Tucson, AZ (PRWEB) October 11, 2013
Two photographs taken by Sarah Schwegel, of Kirkwood, Mo., have been accepted into the Muscular Dystrophy Association Art Collection. Now in its 21st year, the Collection features artwork by people from across the country with muscular dystrophy and related disorders.
“Bikes” and “Presents by the Tree” are Schwegel’s first photographs accepted into the Collection. She previously donated a watercolor painting, “The Birthday Tree,” which was featured in the 2001 MDA holiday card collection. Schwegel, 20, used a CanonPowerShot G12 camera for these images and edited them with Picasa.
Schwegel was the 2001 MDA National Goodwill Ambassador. She is currently attending Maryville University in St. Louis and is majoring in rehab services and political science. She has been active in a leadership club, student government and was co-president of the Disability Awareness Club. Her other hobbies include swimming, reading and power soccer.
Schwegel has spinal muscular atrophy (SMA), a genetic disease affecting the part of the nervous system that controls voluntary muscle movement.
“Bikes” and “Presents by the Tree” are on display at MDA’s national headquarters in Tucson, Ariz., and can be seen here. The pieces also will be included in MDA Art Collection traveling exhibits.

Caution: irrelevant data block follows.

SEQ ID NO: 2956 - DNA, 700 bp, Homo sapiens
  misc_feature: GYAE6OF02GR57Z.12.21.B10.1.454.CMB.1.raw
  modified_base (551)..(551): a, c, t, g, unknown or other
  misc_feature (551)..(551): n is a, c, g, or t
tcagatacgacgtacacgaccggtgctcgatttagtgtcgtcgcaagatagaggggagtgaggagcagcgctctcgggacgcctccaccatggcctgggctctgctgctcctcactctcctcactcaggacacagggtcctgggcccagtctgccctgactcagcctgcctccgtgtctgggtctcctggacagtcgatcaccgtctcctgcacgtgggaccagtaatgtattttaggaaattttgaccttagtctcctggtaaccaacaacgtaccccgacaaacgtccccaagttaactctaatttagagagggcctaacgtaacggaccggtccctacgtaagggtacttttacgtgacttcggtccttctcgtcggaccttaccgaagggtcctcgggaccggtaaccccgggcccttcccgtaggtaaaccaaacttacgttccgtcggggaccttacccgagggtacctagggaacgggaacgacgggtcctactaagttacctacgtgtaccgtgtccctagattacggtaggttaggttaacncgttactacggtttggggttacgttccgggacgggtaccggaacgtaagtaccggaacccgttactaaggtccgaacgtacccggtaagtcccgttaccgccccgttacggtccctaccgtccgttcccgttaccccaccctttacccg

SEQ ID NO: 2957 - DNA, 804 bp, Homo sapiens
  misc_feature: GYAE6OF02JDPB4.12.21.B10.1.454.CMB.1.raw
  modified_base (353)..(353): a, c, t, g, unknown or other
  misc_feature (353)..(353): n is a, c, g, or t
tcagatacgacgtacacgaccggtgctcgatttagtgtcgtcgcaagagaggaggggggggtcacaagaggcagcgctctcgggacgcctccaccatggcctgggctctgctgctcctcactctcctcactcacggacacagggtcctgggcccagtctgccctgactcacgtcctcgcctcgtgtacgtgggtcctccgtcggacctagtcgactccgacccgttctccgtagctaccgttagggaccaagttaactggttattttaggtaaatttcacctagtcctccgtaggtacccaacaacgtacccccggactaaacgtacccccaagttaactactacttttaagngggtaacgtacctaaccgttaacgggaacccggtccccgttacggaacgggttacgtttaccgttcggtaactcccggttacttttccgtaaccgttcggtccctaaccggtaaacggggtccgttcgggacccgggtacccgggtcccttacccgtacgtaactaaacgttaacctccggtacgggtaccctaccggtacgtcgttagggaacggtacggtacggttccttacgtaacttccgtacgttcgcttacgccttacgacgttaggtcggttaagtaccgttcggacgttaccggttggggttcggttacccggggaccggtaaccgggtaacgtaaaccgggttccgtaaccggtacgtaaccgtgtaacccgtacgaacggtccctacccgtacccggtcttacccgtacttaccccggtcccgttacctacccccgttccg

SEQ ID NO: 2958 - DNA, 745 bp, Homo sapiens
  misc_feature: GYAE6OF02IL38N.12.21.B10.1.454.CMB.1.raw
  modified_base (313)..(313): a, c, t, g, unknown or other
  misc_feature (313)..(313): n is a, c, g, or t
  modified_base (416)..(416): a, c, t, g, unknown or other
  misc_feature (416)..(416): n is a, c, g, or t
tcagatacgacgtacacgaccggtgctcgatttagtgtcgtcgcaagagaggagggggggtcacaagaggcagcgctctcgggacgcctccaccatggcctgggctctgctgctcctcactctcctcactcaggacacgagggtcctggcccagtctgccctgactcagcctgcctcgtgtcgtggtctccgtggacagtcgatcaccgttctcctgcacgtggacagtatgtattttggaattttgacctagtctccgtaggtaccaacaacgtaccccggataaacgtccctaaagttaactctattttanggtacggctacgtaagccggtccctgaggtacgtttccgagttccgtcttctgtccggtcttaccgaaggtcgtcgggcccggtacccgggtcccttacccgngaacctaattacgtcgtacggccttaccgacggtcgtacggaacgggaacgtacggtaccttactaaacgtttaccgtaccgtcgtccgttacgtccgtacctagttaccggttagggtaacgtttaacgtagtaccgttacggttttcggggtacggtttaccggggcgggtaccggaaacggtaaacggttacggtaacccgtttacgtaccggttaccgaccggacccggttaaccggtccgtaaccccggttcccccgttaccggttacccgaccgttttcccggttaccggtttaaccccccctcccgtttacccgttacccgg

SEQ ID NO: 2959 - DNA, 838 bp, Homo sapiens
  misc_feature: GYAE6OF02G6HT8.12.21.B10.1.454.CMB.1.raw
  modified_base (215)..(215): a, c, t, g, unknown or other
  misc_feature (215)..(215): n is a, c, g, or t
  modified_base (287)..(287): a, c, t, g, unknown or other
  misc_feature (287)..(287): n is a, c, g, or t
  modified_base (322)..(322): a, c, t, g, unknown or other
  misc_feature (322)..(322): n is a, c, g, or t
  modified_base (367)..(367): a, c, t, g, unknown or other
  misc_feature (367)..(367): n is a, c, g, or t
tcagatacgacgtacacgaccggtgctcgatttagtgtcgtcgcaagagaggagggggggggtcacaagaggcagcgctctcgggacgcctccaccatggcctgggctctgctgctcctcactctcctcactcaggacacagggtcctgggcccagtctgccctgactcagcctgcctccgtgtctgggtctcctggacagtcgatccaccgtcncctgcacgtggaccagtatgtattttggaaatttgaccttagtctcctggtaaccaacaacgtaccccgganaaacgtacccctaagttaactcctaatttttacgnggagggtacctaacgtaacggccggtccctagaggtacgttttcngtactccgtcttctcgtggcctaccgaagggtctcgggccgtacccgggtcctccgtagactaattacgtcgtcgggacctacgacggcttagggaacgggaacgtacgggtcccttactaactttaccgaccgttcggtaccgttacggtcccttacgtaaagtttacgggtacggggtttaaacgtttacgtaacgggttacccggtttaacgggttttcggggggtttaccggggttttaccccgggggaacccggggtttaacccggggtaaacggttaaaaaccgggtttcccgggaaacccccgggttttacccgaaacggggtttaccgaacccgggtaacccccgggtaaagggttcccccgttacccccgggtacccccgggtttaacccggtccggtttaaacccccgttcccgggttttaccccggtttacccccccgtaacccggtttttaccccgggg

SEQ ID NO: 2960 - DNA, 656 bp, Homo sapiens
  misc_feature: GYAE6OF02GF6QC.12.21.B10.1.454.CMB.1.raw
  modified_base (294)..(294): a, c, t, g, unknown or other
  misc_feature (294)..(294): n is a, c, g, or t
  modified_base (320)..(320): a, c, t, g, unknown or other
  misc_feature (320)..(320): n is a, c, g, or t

“We’re honored to receive these wonderful photographs by Sarah Schwegel into the permanent MDA Art Collection,” said Michael A. Blishak, MDA Senior Vice President of Community Programs. “Sarah continues to shine artistically and academically and truly is marking her mark on the world.”
The MDA Art Collection was established in 1992 to focus attention on the achievements of artists with disabilities and to emphasize that physical disability is no barrier to creativity.
It comprises nearly 400 works by artists age 2 to 84, representing all 50 states. Each artist is affected by one of the more than 40 diseases in MDA’s program.
Selected art from the Collection has been exhibited at the Dallas Museum of Art; Cork Gallery at Lincoln Center and the Forbes Collection in New York City; Chicago Public Library; Fort Lauderdale Museum of Art; Los Angeles Children's Museum; Capital Children's Museum, Washington, D.C.; and many other sites.
The Muscular Dystrophy Association is the world’s leading nonprofit health agency dedicated to finding treatments and cures for muscular dystrophy, amyotrophic lateral sclerosis (ALS) and other neuromuscular diseases. It does so by funding worldwide research; by providing comprehensive health care services and support to MDA families nationwide; and by rallying communities to fight back through advocacy, fundraising and local engagement. Visit mda.org and follow us at facebook.com/MDAnational and @MDAnews.
– MDA –